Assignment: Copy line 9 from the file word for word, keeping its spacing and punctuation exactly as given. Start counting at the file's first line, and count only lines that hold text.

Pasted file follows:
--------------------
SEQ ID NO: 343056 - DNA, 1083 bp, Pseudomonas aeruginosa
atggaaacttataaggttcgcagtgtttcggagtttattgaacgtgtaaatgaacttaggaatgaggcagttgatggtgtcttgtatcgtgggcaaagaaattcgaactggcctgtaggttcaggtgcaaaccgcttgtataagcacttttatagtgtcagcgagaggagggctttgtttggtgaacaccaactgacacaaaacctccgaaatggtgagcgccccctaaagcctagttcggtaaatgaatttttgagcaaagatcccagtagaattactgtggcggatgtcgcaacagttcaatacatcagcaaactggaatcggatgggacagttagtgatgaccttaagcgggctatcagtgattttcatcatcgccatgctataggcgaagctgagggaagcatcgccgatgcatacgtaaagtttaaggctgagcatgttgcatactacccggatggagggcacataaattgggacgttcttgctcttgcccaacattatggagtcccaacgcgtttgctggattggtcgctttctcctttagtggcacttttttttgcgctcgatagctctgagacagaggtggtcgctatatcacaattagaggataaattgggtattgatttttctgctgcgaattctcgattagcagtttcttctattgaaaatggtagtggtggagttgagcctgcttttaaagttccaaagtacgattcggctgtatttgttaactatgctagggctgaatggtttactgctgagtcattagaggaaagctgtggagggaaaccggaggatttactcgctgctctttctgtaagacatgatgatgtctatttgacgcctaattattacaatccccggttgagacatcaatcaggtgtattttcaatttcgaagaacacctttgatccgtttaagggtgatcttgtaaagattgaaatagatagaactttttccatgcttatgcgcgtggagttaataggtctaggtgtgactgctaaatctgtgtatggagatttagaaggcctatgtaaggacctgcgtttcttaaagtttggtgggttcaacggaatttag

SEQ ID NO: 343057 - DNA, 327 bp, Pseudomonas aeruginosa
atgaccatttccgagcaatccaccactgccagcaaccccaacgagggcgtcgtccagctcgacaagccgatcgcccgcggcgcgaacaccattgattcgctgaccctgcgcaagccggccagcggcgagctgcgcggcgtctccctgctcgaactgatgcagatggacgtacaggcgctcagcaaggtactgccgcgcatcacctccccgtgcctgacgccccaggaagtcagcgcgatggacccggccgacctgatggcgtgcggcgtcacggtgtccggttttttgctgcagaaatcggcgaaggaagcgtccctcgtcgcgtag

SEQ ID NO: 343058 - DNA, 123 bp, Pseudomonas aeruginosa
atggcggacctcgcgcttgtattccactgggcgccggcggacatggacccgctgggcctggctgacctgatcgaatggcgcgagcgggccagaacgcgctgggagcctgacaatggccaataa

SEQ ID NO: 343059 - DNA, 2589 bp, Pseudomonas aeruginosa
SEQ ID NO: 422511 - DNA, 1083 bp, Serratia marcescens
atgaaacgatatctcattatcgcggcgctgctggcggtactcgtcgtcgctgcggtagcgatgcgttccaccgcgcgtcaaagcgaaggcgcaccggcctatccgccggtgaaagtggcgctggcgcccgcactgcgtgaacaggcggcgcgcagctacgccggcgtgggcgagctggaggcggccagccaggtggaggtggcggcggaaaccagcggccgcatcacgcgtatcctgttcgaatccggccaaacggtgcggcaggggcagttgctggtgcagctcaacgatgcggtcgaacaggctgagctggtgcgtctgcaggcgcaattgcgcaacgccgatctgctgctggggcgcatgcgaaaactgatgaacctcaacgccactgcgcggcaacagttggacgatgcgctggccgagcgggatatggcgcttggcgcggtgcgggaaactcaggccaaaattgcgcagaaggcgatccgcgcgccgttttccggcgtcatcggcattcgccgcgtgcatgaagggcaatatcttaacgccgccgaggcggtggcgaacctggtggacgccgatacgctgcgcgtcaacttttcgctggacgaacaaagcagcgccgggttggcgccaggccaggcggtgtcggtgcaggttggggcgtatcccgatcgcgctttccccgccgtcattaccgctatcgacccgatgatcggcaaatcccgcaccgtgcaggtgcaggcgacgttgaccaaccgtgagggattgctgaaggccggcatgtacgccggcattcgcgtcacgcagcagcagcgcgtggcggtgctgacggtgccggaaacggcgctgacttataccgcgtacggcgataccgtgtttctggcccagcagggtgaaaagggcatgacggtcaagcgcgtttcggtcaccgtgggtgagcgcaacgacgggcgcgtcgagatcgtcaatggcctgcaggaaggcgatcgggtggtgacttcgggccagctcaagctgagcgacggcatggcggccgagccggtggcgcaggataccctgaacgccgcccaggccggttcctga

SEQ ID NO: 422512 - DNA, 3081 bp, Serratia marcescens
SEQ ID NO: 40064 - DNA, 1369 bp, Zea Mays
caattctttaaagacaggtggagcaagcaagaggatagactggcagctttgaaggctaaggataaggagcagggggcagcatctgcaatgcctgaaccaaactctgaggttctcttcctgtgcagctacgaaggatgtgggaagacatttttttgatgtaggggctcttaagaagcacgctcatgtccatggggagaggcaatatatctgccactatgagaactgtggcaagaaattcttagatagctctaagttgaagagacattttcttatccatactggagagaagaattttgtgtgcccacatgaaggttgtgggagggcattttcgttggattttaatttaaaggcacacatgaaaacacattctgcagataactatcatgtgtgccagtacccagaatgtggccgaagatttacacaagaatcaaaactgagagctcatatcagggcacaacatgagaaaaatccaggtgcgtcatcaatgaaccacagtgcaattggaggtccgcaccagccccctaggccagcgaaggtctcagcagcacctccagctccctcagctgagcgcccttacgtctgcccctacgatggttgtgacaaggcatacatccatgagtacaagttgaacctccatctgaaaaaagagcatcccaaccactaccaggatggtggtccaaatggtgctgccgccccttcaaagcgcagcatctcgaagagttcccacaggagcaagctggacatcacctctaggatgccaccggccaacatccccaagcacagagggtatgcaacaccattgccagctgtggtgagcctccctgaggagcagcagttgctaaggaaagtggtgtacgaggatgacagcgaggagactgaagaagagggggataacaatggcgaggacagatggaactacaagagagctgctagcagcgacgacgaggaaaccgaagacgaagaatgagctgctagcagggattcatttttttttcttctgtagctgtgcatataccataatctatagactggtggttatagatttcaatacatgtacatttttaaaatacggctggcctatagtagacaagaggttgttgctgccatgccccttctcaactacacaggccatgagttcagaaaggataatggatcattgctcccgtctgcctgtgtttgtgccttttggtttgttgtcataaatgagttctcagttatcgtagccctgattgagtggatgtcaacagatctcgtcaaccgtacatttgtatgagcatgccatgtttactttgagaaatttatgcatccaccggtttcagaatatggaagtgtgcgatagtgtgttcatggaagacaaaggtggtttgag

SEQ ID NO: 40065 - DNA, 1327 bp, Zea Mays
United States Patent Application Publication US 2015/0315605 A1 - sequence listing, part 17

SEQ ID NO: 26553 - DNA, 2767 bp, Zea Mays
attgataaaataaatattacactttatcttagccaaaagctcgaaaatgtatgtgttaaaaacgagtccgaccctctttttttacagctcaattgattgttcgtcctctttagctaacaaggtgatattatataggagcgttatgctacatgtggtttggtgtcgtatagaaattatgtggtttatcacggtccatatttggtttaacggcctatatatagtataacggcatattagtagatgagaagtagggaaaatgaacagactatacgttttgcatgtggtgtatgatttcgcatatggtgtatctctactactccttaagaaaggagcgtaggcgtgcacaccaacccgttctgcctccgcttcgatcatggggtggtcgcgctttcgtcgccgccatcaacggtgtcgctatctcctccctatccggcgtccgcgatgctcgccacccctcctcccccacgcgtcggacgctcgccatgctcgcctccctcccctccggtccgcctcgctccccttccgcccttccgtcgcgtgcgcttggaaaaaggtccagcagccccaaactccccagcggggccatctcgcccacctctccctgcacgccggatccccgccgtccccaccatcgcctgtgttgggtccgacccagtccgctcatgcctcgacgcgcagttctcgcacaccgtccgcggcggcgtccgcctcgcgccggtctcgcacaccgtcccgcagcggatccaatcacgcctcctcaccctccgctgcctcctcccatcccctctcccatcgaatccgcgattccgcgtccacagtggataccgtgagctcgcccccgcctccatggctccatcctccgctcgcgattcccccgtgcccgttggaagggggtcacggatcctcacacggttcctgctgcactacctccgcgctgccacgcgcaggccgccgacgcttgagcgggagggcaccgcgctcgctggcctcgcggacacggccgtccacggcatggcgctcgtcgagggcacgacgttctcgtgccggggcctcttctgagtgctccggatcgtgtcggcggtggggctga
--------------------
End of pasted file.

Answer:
atgaaacgatatctcattatcgcggcgctgctggcggtactcgtcgtcgctgcggtagcgatgcgttccaccgcgcgtcaaagcgaaggcgcaccggcctatccgccggtgaaagtggcgctggcgcccgcactgcgtgaacaggcggcgcgcagctacgccggcgtgggcgagctggaggcggccagccaggtggaggtggcggcggaaaccagcggccgcatcacgcgtatcctgttcgaatccggccaaacggtgcggcaggggcagttgctggtgcagctcaacgatgcggtcgaacaggctgagctggtgcgtctgcaggcgcaattgcgcaacgccgatctgctgctggggcgcatgcgaaaactgatgaacctcaacgccactgcgcggcaacagttggacgatgcgctggccgagcgggatatggcgcttggcgcggtgcgggaaactcaggccaaaattgcgcagaaggcgatccgcgcgccgttttccggcgtcatcggcattcgccgcgtgcatgaagggcaatatcttaacgccgccgaggcggtggcgaacctggtggacgccgatacgctgcgcgtcaacttttcgctggacgaacaaagcagcgccgggttggcgccaggccaggcggtgtcggtgcaggttggggcgtatcccgatcgcgctttccccgccgtcattaccgctatcgacccgatgatcggcaaatcccgcaccgtgcaggtgcaggcgacgttgaccaaccgtgagggattgctgaaggccggcatgtacgccggcattcgcgtcacgcagcagcagcgcgtggcggtgctgacggtgccggaaacggcgctgacttataccgcgtacggcgataccgtgtttctggcccagcagggtgaaaagggcatgacggtcaagcgcgtttcggtcaccgtgggtgagcgcaacgacgggcgcgtcgagatcgtcaatggcctgcaggaaggcgatcgggtggtgacttcgggccagctcaagctgagcgacggcatggcggccgagccggtggcgcaggataccctgaacgccgcccaggccggttcctga